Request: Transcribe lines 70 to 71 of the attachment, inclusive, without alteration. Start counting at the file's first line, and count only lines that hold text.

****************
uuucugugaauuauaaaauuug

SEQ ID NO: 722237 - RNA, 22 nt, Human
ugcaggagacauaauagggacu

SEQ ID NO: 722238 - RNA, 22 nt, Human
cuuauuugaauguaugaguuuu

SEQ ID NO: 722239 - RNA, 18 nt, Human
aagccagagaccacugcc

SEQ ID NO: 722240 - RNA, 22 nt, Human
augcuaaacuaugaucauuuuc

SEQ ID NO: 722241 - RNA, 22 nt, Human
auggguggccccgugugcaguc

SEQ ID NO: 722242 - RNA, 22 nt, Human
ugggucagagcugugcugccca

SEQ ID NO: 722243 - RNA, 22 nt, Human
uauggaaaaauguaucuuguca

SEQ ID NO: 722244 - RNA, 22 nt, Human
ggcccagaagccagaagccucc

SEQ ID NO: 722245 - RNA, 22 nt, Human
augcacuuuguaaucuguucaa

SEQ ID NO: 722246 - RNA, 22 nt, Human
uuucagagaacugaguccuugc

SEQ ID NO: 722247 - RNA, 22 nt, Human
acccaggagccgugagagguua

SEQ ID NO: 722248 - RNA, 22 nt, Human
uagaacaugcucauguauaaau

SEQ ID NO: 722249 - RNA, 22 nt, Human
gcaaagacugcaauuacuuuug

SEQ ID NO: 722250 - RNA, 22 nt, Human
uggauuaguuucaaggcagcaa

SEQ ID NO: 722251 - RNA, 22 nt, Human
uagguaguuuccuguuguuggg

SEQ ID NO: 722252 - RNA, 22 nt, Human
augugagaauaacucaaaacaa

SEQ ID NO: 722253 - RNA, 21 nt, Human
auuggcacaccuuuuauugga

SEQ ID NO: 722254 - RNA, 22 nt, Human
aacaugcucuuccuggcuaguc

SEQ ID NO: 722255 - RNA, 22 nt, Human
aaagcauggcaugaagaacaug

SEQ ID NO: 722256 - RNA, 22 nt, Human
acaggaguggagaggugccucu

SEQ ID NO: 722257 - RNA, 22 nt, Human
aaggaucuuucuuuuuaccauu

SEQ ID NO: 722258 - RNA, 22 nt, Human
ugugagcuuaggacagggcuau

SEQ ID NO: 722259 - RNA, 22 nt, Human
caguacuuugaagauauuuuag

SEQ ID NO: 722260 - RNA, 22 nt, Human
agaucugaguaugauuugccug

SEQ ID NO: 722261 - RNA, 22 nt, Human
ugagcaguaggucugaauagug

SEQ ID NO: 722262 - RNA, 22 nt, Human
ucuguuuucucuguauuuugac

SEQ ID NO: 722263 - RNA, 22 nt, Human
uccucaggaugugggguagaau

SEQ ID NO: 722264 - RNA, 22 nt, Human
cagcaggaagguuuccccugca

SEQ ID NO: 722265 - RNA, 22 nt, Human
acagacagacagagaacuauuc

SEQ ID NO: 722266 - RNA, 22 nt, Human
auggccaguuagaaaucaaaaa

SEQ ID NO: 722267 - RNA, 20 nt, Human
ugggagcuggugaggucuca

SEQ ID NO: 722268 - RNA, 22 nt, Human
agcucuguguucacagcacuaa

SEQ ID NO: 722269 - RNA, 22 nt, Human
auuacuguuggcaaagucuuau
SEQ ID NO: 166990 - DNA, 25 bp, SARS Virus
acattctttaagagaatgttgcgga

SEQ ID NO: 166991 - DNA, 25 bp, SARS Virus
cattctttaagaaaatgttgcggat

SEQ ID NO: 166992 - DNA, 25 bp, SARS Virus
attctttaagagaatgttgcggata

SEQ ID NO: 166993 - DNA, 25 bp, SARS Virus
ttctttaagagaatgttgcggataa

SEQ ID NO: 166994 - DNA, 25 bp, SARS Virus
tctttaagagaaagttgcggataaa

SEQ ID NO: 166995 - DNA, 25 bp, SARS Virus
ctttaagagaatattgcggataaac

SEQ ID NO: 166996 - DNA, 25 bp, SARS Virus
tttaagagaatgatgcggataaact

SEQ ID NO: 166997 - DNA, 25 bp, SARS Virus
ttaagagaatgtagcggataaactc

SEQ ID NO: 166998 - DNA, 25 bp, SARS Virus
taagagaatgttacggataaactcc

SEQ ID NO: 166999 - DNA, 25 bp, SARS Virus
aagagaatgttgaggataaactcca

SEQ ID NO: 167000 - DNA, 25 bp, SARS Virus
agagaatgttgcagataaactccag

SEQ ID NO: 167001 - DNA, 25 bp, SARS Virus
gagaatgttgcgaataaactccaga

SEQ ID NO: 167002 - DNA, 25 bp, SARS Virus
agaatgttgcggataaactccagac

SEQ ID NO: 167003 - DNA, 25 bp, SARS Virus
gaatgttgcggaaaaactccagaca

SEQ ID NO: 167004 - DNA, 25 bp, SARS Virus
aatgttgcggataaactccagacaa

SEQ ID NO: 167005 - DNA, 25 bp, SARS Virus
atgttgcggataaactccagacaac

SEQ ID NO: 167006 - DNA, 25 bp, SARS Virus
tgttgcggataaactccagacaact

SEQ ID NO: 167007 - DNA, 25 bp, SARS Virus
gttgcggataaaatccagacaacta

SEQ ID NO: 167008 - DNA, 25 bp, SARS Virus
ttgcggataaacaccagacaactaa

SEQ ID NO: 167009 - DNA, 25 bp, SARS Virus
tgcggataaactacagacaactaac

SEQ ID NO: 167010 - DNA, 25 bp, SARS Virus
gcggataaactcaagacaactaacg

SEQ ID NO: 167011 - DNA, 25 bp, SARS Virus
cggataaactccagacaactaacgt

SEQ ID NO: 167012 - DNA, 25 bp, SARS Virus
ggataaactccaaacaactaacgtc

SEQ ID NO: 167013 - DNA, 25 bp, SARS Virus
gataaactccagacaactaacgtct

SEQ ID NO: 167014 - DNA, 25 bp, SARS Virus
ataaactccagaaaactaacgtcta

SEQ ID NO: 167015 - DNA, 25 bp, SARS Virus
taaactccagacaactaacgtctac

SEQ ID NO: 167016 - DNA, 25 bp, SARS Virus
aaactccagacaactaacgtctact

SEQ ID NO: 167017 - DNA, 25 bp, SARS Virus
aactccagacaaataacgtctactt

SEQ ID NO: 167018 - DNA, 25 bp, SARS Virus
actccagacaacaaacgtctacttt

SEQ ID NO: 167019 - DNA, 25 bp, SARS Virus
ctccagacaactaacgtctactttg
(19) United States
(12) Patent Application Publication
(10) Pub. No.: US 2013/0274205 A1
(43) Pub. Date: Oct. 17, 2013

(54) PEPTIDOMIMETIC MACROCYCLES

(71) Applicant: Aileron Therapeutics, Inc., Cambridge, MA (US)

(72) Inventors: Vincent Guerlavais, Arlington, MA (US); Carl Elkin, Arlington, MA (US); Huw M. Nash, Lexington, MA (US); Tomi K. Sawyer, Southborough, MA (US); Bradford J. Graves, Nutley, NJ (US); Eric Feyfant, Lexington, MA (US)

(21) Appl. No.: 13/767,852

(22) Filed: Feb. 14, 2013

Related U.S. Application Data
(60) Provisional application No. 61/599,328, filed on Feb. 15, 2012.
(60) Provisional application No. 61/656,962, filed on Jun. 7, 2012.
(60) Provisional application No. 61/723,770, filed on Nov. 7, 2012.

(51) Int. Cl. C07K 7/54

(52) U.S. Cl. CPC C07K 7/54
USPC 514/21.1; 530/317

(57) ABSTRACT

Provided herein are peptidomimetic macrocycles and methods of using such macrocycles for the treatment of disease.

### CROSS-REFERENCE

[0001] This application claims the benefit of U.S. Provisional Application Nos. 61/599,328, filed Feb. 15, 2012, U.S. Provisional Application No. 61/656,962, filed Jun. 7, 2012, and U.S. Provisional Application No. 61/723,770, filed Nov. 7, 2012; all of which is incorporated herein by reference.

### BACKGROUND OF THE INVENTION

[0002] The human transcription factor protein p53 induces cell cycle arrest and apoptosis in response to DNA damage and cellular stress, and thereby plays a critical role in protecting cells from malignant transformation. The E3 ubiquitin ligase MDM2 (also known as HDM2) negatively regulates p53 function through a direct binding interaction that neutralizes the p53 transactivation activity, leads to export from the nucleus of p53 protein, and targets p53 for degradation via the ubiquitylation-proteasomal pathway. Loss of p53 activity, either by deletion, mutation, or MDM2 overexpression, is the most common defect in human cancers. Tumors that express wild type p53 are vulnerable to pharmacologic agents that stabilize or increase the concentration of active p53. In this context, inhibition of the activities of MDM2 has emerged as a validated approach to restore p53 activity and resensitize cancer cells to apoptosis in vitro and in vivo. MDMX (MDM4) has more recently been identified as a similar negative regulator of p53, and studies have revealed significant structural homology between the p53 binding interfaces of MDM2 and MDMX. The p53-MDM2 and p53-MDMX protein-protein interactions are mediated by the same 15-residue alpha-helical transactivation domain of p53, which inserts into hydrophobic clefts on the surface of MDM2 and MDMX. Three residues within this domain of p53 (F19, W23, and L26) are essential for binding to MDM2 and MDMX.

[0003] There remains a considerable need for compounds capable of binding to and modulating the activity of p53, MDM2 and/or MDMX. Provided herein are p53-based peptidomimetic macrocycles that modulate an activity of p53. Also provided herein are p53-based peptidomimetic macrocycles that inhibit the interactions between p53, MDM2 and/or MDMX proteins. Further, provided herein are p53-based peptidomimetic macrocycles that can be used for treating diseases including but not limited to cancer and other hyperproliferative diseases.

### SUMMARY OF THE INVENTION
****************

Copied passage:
SEQ ID NO: 166991 - DNA, 25 bp, SARS Virus
cattctttaagaaaatgttgcggat